Anthony Scaramucci, President Trump's short-lived White House communications director, argued in his new book that the "fundamental flaw" with the news media is that they too frequently focus on "gossip" in place of more substantive news.

In his new book, Trump, the Blue-Collar President, Scaramucci retold his dramatic firing last year only 11 days after being hired. His tenure ended after he made vulgar comments in an interview with then-New Yorker magazine reporter Ryan Lizza.

"At their root, however, writers like Ryan Lizza are in the gossip business, which is the fundamental flaw with the press covering this White House," wrote Scaramucci. "Palace intrigue trumps (so to speak) anything of substance. So I guess I shouldn’t have been surprised that he posted what I thought was a private conversation between two guys, one in which one of them was not at his best, for a few million people to consume."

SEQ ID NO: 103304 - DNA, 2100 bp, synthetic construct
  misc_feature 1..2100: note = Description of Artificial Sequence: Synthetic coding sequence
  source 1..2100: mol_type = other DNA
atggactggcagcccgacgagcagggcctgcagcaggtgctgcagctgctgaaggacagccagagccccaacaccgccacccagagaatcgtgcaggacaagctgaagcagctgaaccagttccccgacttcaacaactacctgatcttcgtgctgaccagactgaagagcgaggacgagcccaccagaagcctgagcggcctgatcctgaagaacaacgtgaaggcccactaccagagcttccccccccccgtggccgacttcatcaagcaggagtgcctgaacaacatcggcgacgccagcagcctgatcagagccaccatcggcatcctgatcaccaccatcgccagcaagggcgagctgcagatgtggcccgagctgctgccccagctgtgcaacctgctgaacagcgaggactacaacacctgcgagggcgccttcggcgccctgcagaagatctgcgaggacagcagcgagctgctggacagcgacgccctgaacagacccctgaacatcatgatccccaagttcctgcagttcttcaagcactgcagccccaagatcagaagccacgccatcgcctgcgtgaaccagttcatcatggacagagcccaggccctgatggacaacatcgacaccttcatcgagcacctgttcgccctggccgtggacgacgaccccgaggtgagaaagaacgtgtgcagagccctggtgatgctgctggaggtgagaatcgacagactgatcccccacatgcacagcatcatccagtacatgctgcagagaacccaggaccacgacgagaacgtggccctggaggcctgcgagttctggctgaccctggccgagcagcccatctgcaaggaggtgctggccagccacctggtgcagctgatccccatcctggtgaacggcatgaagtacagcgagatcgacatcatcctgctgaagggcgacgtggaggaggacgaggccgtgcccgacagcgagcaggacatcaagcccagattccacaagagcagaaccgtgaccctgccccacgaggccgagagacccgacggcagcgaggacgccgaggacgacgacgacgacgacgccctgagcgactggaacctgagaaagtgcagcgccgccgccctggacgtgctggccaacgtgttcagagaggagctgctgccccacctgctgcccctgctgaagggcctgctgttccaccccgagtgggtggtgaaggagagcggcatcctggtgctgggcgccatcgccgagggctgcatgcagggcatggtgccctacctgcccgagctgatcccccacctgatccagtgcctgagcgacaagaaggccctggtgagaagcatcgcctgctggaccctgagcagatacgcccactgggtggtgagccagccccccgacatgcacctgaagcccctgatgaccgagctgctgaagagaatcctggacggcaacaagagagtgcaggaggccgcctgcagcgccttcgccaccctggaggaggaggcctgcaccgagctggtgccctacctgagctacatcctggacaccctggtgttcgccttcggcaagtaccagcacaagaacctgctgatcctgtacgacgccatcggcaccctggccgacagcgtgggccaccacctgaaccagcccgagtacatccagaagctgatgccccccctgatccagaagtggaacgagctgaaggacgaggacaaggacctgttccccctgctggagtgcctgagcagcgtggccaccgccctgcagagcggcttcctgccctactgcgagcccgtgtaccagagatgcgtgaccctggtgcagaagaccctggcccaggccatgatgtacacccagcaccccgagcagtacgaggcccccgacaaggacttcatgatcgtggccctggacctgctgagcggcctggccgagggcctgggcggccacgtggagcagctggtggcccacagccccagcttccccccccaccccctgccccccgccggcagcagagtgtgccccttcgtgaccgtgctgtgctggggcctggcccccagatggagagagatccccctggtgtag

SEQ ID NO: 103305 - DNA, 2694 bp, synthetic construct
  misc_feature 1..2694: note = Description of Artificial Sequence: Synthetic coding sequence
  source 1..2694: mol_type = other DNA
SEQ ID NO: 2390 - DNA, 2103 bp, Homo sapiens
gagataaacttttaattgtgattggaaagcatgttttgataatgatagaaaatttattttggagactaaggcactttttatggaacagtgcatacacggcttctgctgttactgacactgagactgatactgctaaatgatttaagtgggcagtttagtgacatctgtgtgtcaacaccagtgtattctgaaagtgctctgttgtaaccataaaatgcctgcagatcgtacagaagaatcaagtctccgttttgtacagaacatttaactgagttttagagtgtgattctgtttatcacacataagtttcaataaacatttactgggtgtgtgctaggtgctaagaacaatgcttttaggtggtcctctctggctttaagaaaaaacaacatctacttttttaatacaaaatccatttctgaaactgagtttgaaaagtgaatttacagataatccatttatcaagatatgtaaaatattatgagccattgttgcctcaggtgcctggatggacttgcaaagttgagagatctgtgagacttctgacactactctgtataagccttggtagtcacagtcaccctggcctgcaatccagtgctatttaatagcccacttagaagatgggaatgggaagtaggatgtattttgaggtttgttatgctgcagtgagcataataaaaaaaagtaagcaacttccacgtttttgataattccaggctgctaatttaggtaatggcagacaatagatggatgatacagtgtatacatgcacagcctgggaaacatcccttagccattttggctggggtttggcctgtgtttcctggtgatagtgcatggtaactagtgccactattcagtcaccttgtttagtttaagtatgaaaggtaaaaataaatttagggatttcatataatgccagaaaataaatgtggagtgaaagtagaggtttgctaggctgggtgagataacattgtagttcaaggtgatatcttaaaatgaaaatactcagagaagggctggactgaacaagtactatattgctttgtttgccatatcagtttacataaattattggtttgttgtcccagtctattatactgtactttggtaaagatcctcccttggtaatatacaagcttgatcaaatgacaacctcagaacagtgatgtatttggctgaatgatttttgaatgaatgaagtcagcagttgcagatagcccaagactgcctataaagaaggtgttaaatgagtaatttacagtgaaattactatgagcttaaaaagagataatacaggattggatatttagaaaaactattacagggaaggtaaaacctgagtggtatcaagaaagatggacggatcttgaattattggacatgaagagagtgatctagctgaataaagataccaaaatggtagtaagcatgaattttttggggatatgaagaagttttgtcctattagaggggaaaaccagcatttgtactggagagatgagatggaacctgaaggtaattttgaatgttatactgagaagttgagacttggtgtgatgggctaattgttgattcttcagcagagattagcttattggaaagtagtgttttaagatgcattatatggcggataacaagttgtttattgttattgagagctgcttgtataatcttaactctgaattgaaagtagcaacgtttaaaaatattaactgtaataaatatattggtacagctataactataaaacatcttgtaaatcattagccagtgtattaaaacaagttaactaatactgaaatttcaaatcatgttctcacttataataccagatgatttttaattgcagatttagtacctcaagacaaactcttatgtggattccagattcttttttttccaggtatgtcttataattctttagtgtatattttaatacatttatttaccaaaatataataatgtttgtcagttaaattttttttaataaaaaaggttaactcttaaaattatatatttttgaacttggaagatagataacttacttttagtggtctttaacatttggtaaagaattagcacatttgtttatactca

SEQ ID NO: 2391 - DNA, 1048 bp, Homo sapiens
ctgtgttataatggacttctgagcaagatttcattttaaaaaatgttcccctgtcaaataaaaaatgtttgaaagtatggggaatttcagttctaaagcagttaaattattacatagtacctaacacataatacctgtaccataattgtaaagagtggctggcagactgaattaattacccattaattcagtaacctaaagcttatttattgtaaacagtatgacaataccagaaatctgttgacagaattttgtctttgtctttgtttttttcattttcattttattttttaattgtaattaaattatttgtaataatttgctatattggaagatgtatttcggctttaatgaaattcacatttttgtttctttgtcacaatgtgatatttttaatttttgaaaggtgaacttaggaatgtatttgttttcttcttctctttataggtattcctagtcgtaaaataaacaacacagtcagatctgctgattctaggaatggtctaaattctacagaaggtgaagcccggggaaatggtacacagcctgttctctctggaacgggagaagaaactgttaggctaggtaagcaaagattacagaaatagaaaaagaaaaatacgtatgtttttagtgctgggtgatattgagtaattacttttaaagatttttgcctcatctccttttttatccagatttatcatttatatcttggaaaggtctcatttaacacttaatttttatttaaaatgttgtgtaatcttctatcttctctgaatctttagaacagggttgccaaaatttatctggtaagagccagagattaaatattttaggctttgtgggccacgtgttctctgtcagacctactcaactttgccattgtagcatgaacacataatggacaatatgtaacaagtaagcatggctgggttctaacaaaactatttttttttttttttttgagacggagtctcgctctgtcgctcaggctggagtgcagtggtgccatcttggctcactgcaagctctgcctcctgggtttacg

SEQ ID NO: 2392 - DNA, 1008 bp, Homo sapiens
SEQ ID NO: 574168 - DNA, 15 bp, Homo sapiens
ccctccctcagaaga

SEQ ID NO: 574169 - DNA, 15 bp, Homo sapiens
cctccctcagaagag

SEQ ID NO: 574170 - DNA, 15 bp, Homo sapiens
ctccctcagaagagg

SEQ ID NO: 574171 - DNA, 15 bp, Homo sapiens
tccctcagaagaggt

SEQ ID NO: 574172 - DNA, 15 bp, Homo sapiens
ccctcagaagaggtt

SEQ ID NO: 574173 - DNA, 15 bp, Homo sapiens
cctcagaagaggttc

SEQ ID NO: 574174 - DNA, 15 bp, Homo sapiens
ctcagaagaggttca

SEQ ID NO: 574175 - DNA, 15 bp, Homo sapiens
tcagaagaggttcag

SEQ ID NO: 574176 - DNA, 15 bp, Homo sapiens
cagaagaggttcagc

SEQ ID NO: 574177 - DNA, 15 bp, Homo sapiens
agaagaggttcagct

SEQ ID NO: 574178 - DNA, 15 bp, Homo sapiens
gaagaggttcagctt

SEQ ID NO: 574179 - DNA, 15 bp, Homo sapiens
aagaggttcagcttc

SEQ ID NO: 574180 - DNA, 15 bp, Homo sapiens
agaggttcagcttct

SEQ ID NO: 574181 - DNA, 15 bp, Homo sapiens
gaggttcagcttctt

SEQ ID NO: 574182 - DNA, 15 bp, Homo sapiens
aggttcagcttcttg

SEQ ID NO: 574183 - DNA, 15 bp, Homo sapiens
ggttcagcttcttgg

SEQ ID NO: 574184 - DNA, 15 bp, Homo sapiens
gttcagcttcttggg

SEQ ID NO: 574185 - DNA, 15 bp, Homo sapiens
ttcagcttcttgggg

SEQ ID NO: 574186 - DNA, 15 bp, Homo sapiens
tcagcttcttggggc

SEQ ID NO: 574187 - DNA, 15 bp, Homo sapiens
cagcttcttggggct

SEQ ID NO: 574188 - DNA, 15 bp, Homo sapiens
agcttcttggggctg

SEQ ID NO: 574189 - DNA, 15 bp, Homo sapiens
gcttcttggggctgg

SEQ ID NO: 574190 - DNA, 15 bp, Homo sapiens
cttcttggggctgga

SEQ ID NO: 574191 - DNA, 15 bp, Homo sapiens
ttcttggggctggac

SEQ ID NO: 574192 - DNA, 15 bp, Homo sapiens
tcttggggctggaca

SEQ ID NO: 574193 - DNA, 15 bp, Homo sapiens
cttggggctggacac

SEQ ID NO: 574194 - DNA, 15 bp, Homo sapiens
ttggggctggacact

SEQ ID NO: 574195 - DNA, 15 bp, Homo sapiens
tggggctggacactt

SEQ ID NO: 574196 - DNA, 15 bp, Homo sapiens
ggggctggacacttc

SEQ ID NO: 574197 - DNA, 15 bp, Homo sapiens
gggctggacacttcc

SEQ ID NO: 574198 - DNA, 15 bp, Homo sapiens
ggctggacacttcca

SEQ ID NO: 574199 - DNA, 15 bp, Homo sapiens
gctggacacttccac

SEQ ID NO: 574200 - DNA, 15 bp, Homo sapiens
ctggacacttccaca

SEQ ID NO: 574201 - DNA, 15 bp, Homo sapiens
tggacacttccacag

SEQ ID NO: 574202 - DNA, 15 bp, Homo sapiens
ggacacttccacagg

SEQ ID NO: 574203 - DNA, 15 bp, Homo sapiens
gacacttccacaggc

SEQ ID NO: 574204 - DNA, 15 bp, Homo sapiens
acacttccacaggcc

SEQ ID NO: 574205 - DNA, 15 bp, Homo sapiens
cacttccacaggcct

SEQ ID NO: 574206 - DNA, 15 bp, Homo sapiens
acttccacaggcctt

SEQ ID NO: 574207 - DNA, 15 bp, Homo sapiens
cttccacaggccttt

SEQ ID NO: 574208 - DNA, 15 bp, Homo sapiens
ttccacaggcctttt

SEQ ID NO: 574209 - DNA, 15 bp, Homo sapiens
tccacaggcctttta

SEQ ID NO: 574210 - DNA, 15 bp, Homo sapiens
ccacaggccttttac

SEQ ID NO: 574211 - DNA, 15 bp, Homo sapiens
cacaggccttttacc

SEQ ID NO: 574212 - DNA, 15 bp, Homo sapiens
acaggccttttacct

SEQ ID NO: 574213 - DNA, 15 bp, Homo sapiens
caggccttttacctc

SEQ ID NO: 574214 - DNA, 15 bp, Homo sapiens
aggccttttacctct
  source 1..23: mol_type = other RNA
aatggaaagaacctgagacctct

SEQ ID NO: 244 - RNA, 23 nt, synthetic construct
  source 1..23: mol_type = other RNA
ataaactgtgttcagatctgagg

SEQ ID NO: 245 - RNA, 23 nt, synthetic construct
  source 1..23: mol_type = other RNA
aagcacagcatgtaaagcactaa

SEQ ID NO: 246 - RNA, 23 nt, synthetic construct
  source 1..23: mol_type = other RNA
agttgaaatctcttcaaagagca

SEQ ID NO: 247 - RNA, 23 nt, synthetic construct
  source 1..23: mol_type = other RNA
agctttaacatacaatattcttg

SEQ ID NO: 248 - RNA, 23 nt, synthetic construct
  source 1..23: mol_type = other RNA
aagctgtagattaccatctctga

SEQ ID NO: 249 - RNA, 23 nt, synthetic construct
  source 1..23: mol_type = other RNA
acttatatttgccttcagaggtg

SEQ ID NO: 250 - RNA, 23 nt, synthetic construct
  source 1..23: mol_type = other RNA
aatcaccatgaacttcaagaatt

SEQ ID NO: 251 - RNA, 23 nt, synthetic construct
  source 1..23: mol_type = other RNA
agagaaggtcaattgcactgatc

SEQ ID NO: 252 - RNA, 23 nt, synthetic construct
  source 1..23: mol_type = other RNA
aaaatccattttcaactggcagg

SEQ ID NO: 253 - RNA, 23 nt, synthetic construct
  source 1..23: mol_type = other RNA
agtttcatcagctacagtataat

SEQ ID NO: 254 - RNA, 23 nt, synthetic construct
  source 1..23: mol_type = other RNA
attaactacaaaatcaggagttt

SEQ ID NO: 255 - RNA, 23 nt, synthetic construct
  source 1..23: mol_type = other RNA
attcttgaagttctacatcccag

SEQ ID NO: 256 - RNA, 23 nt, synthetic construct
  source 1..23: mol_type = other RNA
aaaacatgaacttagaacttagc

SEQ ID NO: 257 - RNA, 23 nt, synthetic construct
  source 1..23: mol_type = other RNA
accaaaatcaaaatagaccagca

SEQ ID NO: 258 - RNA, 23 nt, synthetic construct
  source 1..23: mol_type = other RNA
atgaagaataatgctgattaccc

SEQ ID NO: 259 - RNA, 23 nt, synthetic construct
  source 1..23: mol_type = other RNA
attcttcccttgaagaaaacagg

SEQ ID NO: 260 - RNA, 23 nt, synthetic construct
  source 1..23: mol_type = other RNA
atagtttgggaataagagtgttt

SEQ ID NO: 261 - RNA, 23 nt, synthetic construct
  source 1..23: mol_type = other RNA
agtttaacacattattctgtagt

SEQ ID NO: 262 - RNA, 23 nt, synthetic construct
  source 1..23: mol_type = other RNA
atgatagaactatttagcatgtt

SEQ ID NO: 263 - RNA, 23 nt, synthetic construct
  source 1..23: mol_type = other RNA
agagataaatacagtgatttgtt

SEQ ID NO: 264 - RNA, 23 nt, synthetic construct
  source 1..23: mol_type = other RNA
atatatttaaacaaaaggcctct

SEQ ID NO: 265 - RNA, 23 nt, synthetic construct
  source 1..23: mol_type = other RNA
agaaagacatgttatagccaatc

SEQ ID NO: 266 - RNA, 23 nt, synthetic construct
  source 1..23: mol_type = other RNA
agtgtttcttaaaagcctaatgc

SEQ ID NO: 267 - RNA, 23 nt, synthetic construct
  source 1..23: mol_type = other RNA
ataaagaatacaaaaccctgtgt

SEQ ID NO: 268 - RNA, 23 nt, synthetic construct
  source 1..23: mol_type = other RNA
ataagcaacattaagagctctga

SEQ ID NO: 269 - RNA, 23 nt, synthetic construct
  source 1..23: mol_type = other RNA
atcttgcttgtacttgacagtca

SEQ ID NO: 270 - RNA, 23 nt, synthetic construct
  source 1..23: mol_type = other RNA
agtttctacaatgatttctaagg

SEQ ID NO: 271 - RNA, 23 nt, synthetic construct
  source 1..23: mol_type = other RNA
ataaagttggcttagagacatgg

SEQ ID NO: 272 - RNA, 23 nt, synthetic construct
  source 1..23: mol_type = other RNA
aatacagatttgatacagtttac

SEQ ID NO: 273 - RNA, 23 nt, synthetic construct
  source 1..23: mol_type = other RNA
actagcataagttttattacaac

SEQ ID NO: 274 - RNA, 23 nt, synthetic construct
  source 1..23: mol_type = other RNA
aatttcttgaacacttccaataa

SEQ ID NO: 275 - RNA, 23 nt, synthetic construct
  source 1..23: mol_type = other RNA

Scaramucci did, however, express remorse over the New Yorker interview, which he said he believed had been off the record, and admitted that he was depressed after his firing.

"Unfortunately, I let my pride and ego get the best of me that night," he said. "The lesson I learned from the experience is worth sharing: When pride and ego are present, your decisions will likely be emotionally charged and muddled."

He said he stayed in Washington to wrap up some business for a couple days before heading home to New York.

"I felt pretty low," he said. "I’d gone from something of a financial celebrity who was a regular on cable finance channels like CNBC, Fox Business, and Bloomberg to being on the front page of major city newspapers from around the world."